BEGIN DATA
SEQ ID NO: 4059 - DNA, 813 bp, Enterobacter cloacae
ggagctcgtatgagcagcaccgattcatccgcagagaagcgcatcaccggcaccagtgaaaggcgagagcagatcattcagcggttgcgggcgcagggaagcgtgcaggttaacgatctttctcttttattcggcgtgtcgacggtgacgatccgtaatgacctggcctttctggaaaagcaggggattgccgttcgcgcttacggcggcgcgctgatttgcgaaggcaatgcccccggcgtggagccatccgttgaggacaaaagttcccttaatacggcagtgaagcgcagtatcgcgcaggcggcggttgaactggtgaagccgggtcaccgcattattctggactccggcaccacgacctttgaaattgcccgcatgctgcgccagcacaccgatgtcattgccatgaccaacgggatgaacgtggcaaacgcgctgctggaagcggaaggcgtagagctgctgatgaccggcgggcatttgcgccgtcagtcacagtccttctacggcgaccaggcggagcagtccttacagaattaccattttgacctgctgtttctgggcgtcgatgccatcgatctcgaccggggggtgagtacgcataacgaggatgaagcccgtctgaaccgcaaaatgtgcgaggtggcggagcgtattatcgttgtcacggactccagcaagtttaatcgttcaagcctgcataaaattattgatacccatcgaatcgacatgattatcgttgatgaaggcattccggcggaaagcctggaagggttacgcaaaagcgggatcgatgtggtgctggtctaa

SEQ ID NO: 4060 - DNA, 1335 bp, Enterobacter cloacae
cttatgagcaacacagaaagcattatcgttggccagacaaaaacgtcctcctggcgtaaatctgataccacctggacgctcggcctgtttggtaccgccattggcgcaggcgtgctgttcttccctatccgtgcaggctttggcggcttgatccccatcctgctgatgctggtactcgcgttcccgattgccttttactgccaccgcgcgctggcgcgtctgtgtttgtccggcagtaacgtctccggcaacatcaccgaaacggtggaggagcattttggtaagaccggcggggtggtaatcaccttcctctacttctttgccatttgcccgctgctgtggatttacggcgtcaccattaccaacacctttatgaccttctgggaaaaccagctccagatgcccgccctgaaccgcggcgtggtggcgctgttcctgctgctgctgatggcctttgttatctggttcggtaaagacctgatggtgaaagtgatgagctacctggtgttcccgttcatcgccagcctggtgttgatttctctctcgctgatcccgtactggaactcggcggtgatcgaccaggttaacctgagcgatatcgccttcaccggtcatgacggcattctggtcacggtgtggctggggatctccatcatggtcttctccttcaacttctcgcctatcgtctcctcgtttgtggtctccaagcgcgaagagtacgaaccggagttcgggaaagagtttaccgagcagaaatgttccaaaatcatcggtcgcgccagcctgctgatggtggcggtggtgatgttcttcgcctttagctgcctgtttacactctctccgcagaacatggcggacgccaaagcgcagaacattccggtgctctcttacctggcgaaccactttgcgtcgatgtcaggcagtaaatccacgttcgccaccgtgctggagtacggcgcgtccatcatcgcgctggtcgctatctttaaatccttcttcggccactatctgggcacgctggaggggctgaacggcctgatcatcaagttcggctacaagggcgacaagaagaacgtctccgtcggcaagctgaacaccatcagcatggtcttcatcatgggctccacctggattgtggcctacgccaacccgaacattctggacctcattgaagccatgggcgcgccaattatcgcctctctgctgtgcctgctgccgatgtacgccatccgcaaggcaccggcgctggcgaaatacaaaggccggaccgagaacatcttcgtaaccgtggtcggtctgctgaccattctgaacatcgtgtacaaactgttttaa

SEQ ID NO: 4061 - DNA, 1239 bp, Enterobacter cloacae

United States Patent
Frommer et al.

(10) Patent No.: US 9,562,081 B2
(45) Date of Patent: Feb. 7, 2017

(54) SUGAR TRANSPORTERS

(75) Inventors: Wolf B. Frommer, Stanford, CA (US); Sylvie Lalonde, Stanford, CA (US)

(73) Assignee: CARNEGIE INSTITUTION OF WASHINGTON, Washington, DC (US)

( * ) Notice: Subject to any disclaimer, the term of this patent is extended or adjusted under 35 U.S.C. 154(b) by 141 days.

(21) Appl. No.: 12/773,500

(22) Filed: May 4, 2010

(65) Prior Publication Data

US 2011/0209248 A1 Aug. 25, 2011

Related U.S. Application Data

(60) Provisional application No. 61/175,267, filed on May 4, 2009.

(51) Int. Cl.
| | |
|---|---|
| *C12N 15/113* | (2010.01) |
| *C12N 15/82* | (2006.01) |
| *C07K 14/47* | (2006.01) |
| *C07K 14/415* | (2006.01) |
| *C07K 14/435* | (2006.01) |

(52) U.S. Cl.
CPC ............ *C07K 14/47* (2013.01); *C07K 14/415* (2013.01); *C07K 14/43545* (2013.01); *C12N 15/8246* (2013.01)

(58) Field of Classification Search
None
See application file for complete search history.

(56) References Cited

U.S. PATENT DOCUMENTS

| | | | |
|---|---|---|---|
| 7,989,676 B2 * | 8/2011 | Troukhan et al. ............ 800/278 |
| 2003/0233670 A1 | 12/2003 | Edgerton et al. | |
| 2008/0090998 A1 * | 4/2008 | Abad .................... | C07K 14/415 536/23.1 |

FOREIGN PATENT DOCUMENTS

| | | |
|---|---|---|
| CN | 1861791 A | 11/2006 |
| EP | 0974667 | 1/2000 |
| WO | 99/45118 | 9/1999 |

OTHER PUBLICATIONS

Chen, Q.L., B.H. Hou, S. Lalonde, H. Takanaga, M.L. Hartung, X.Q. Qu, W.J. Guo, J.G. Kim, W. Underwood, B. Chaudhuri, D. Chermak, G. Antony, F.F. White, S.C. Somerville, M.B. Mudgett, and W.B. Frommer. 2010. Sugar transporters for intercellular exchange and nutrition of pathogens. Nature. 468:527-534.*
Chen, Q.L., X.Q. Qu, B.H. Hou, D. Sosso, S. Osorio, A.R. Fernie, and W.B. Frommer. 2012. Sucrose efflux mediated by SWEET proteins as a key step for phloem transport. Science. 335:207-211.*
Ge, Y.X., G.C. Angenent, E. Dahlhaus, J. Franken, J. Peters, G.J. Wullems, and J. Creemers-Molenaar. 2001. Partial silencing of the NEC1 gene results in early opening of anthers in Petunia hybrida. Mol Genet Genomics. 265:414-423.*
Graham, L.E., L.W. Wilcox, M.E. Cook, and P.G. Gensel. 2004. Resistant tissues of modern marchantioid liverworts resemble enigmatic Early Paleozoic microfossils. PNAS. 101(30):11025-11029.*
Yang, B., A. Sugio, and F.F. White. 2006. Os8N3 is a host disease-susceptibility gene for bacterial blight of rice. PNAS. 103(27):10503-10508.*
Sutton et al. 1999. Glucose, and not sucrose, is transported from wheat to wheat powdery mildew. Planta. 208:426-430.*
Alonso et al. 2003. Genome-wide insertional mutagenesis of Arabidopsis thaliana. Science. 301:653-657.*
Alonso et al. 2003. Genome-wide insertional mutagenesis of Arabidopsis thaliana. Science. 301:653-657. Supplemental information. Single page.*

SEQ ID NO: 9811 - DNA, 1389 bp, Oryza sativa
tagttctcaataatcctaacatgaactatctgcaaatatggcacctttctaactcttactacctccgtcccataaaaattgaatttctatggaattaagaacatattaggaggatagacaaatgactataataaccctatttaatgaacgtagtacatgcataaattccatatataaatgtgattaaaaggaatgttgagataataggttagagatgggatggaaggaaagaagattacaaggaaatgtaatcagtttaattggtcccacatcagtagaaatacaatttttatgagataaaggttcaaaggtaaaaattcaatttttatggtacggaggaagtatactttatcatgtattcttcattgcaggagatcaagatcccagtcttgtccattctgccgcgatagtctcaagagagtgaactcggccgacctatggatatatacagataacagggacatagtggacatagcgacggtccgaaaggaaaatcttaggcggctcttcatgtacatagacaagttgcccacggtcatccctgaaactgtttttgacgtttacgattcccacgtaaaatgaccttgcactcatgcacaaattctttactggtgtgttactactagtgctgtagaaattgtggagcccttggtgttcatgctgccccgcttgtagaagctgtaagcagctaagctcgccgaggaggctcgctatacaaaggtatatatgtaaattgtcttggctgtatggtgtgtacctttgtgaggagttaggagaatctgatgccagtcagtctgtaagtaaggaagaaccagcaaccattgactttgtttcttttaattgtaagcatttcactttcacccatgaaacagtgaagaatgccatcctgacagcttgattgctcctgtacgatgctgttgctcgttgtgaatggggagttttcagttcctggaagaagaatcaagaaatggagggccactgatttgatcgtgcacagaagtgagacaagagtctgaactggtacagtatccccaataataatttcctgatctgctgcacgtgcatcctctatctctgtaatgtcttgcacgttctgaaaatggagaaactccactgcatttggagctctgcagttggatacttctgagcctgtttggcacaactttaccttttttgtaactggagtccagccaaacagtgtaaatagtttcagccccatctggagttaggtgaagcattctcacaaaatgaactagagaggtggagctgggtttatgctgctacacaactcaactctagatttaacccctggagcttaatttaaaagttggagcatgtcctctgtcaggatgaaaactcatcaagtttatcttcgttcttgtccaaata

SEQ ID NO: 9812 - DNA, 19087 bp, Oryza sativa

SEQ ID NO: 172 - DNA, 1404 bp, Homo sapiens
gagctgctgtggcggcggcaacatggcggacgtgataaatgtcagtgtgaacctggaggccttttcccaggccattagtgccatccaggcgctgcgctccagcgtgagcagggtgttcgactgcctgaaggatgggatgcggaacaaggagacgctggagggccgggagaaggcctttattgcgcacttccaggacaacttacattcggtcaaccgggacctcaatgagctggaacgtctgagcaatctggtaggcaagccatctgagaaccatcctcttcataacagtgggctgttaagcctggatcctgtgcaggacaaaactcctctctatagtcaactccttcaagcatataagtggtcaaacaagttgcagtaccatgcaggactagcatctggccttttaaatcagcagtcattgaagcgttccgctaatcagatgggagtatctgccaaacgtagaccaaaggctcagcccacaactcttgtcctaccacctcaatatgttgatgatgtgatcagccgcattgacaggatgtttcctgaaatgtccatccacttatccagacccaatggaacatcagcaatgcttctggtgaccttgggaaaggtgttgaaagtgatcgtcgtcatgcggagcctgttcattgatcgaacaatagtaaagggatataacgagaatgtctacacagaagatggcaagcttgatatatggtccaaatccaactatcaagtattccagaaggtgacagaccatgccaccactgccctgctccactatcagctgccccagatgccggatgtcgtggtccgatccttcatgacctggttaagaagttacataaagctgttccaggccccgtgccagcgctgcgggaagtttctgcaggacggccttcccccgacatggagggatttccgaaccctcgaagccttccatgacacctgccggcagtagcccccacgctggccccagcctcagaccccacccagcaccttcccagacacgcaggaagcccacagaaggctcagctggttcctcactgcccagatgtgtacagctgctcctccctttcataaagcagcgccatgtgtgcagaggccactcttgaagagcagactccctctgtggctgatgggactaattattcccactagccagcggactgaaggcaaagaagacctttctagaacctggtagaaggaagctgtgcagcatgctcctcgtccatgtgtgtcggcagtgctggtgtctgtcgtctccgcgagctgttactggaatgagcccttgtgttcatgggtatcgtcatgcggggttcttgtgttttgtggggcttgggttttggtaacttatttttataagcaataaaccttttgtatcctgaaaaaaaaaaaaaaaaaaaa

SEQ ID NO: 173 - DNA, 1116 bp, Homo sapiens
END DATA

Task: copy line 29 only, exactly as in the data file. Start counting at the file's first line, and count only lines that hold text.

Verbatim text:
CPC ............ *C07K 14/47* (2013.01); *C07K 14/415* (2013.01); *C07K 14/43545* (2013.01); *C12N 15/8246* (2013.01)